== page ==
Western & Southern continued its bullying of the Anna Louise Inn last week as the company threw more legal pestering at the nonprofit that houses low-income women.
That’s how every newspaper’s lead paragraph would read if the media were truly fair. Unfortunately, the media seems more “balanced” than “fair” lately, so when the conflict between W&S and the Anna Louise Inn is covered, it’s still reported as if the financial company has a legitimate claim to the Inn’s property.
[Read this week's CityBeat news story on the latest developments between Western & Southern and the Anna Louise Inn here.]
The definition of a bully is, “a blustering, quarrelsome, overbearing person who habitually badgers and intimidates smaller or weaker people.” It’s difficult to see how that doesn’t apply to the conflict between W&S, a company estimated to be worth more than $52 billion, and the Anna Louise Inn, a women’s social services agency whose building W&S wants badly enough to risk the bad press that should be expected from continually suing a nonprofit group over technicalities.
But by accepting the company’s arguments as public interest, the mainstream reporting continues framing the story as if W&S has a right to the Anna Louise Inn property. On Sept. 20, local media outlets jumped on a new study conducted by the University of Cincinnati Economics Center, which looked at the economic impact of replacing the Anna Louise Inn with a hotel. The study was conveniently released the same day as the latest ruling on zoning, which the Anna Louise Inn won.
But wait, who said anyone is building a hotel there? Where did that even come from?
To put the absurdity in context, Vice Mayor Roxanne Qualls literally laughed when The Cincinnati Enquirer talked to her for comment on the study.
Really, that’s the only reasonable reaction. The premise of the study is objectively absurd. Even beyond the fact W&S is wrongly acting like it has any right to another group’s private property, the fact is charity groups are not meant to serve the most profitable needs of a community. Does anyone ever wonder how much money would be made if Make-A-Wish Foundation buildings were replaced with Walmart chains? Does anyone ever consider the fact that, surely, the buildings housing Oxfam International would be far more profitable if McDonald’s restaurants replaced them?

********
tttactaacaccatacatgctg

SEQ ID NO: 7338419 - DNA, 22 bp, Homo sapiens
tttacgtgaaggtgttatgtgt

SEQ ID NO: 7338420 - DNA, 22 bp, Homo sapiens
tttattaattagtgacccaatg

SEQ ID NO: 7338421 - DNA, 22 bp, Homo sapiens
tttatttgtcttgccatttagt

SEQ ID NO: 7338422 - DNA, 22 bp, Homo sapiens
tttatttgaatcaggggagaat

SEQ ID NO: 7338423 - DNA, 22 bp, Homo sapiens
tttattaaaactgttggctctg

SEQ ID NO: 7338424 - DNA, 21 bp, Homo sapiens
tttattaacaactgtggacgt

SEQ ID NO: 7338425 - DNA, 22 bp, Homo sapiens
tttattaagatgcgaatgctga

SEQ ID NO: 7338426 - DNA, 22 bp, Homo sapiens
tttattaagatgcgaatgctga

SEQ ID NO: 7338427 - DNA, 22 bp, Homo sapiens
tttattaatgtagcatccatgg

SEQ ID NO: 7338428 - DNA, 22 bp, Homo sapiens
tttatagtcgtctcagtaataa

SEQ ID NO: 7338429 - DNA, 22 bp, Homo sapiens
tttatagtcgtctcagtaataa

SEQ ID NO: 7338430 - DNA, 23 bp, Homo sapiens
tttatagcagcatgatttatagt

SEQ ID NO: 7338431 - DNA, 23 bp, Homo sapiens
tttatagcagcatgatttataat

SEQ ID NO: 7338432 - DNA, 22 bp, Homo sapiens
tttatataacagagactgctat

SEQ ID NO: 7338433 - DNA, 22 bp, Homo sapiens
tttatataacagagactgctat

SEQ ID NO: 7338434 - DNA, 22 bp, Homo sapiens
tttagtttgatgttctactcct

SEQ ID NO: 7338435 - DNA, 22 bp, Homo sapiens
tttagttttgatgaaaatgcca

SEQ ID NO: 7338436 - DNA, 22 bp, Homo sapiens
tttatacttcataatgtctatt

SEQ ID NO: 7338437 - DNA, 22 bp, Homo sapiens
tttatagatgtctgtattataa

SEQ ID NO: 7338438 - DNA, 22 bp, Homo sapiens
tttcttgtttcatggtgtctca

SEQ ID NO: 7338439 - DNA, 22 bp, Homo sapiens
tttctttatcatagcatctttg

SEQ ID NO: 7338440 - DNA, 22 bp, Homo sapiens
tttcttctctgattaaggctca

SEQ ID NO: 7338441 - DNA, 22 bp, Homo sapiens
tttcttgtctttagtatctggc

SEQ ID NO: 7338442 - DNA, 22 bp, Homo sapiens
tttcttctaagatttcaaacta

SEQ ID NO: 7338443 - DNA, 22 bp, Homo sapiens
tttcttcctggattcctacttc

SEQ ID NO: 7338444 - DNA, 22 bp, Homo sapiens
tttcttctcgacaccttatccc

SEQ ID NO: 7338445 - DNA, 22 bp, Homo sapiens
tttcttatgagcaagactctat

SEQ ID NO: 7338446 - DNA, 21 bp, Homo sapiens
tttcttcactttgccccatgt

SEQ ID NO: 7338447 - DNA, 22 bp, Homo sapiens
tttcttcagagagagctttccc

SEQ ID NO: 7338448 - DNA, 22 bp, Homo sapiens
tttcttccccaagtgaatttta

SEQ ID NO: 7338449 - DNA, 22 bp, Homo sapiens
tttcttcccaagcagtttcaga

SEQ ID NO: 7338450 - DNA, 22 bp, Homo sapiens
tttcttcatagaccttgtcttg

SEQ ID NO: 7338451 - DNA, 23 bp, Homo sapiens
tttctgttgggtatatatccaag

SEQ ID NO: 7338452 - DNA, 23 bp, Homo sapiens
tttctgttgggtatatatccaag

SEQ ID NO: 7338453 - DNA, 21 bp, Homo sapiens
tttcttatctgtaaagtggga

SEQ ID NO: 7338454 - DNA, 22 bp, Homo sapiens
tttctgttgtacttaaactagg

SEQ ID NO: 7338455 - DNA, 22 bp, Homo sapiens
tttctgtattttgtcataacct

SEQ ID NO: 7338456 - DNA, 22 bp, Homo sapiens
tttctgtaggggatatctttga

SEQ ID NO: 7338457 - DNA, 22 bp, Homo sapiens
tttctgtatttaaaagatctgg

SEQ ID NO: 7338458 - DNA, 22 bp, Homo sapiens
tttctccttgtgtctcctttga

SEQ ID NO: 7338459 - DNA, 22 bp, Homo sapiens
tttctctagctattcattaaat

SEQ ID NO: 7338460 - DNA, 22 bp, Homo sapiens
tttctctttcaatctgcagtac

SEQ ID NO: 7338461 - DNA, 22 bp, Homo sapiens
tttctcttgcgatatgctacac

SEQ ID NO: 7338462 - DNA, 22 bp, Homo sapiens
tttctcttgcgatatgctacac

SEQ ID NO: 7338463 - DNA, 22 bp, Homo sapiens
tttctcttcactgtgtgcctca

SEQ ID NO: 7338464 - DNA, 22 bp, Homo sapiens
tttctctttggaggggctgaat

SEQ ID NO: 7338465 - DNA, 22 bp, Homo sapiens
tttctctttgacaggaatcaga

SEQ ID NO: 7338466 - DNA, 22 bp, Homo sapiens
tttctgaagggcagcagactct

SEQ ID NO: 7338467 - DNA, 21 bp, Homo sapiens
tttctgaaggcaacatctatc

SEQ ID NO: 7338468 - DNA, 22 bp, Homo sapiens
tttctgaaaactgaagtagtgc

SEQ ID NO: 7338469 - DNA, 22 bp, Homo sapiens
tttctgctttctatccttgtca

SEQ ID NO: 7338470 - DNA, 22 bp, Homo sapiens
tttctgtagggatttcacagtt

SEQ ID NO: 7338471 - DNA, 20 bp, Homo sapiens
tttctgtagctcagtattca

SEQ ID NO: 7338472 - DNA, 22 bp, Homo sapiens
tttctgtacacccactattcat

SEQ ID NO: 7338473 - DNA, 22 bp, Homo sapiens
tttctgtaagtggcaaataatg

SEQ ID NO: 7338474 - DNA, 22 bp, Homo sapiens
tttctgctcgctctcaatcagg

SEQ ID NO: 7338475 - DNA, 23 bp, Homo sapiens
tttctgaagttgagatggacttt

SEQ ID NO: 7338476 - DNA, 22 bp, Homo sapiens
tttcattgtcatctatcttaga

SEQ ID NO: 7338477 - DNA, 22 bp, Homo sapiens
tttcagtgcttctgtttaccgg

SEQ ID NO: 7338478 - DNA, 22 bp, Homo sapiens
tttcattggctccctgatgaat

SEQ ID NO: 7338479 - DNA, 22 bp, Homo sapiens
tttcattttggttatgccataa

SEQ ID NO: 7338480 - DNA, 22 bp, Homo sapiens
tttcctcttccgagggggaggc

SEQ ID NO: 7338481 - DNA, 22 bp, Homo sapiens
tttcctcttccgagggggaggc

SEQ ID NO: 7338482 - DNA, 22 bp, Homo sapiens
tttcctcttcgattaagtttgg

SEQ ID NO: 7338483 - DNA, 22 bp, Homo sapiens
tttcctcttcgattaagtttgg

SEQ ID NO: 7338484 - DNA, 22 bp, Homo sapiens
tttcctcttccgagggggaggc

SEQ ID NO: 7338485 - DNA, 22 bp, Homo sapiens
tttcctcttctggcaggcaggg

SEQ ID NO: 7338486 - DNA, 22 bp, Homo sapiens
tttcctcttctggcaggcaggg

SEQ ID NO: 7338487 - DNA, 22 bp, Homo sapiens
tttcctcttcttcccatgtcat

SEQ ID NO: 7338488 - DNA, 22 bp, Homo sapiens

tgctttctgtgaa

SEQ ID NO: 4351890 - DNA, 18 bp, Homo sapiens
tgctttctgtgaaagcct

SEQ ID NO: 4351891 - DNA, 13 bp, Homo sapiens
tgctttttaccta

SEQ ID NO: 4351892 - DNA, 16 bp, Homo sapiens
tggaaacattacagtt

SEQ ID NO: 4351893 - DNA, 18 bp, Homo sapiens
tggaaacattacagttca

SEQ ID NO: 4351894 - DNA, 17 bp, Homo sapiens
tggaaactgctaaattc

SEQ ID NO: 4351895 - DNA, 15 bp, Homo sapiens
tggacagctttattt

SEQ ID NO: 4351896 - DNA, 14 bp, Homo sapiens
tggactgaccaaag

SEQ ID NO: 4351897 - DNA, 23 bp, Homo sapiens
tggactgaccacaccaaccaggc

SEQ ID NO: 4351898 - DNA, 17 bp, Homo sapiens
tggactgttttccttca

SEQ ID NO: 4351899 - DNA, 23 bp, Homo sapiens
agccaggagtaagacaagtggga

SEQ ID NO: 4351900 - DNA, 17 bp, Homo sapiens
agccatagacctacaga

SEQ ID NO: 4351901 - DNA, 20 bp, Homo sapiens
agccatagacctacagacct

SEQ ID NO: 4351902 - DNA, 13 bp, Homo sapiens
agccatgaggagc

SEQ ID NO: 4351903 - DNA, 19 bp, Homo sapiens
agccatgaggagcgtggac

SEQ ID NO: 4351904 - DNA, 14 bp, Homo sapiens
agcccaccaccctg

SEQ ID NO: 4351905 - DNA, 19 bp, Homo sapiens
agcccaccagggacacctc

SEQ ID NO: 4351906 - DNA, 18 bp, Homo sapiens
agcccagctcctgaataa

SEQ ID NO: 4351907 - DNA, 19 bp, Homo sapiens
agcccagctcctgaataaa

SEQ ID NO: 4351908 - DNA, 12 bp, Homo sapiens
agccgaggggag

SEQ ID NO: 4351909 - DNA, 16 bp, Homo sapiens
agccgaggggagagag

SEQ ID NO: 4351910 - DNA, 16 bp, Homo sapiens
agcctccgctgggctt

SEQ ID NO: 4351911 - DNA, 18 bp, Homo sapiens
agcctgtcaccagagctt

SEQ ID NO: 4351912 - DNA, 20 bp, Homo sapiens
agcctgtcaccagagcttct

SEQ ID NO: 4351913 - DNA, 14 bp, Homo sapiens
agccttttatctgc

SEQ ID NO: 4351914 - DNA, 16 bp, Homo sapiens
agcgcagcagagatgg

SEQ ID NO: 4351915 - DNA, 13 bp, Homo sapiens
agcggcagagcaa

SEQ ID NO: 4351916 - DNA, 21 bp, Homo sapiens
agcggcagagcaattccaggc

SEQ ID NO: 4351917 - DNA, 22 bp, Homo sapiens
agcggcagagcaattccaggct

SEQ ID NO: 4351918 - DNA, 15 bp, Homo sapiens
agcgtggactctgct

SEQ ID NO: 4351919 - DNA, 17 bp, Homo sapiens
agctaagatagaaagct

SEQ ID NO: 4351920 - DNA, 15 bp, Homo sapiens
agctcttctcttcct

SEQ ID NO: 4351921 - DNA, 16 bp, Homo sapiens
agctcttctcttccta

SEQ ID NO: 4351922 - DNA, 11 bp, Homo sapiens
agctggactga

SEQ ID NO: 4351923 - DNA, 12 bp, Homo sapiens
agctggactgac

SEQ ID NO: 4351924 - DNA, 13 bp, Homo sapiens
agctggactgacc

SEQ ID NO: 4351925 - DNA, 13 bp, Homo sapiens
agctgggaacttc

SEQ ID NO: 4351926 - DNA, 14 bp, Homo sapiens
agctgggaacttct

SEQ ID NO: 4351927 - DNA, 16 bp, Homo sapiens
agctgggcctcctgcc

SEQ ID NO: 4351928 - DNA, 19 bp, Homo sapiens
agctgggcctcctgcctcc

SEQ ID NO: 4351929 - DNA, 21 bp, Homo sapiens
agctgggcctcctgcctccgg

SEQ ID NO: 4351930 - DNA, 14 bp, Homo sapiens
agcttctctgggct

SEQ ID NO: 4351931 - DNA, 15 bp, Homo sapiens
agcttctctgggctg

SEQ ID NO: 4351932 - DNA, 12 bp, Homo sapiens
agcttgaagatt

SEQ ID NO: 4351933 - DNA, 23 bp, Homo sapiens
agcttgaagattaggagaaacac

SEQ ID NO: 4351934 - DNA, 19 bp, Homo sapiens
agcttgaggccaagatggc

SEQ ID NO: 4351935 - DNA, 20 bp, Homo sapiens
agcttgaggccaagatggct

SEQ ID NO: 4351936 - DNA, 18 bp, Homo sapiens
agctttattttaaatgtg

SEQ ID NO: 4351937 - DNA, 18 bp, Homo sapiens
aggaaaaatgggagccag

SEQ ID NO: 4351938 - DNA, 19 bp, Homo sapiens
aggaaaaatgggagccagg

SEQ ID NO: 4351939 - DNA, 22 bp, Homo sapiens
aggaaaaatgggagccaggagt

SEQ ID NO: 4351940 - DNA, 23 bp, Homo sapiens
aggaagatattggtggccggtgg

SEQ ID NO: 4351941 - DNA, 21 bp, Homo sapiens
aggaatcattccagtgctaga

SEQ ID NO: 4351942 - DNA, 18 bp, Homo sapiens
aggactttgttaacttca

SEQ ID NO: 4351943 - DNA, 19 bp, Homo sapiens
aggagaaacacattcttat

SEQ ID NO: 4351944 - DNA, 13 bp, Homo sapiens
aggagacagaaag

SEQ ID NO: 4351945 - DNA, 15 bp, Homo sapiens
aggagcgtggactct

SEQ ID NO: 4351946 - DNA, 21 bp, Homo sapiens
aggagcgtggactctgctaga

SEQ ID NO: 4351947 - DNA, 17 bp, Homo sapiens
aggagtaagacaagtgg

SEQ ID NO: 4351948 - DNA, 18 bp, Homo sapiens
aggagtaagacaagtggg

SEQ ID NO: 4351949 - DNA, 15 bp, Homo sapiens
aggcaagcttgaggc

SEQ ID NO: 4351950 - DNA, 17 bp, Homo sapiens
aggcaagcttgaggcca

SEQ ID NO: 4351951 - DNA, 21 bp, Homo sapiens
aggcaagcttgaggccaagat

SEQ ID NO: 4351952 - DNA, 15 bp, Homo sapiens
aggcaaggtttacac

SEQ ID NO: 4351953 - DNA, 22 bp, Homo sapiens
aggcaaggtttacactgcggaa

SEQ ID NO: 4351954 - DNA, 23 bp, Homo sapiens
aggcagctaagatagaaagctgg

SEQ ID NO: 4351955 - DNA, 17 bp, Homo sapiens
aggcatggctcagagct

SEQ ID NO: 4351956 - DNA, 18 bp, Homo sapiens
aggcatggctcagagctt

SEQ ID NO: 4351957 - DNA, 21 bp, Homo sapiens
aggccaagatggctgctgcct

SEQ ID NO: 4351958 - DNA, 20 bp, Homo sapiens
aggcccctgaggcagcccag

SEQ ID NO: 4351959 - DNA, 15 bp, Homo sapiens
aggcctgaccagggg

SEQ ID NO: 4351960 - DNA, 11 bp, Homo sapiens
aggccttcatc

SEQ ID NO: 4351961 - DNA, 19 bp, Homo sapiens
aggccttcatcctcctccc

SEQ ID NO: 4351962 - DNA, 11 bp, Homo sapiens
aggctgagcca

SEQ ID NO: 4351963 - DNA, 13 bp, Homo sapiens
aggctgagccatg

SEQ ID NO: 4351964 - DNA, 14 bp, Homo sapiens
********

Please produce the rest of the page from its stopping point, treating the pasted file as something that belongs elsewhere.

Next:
As a journalist, it’s important sometimes to step back and look at the big picture. That picture is not pretty for W&S any way you try to paint it. Here at CityBeat, we have repeatedly explained the timeline of the W&S-Anna Louise Inn situation, which includes W&S turning down an offer to purchase the building in 2009. (We report the latest news in the ongoing conflict in the context of this timeline on the previous page).
The timeline itself makes one thing clear: If W&S had any right to the Anna Louise Inn property, the company lost that right when it refused to raise its offer to buy the Inn from $1.8 million to $3 million in 2009.
Even W&S lawyer Francis Barrett admitted the mistake to CityBeat last week: “It’s like everything else in life — you go with the information you have at the time. I mean, 20/20 hindsight, yes, they would have offered $3 million in 2009.”
OK, so why didn’t W&S buy the property in 2009? Why did the company not step in with its accusations of faulty zoning until 2010 when, by W&S’s own admission, the faulty zoning supposedly began in 2006 when Anna Louise Inn allegedly redefined itself with its Off the Streets program?
Barrett gave a straightforward explanation for it: W&S thought Anna Louise Inn was going to leave anyway. The company thought it was the only game in town, so it thought it could leverage a price lower than $3 million without the alleged zoning violations. When it couldn’t and the Anna Louise Inn found other funding, W&S threw a tantrum. It’s now presenting every legal argument possible to make life miserable for the Inn.
That’s just bullying. W&S wants the property, and it’s doing everything in its power — down to legal harassment — to get it. “Give me your lunch money… or else” is W&S’s latest tactic in property buyouts.
Fortunately for the Anna Louise Inn, zoning rulings have been on its side recently. Of course, that won’t stop W&S. Like any good bully, W&S is persistent. On Oct. 30, W&S and the Anna Louise Inn will meet in court again to face off in an appeal of Judge Nobert Nadel’s May 27 decision, which said the Inn is a special assistance shelter instead of transitional housing.
It will be sometime after that when we’ll find out how local media choose to explain it.
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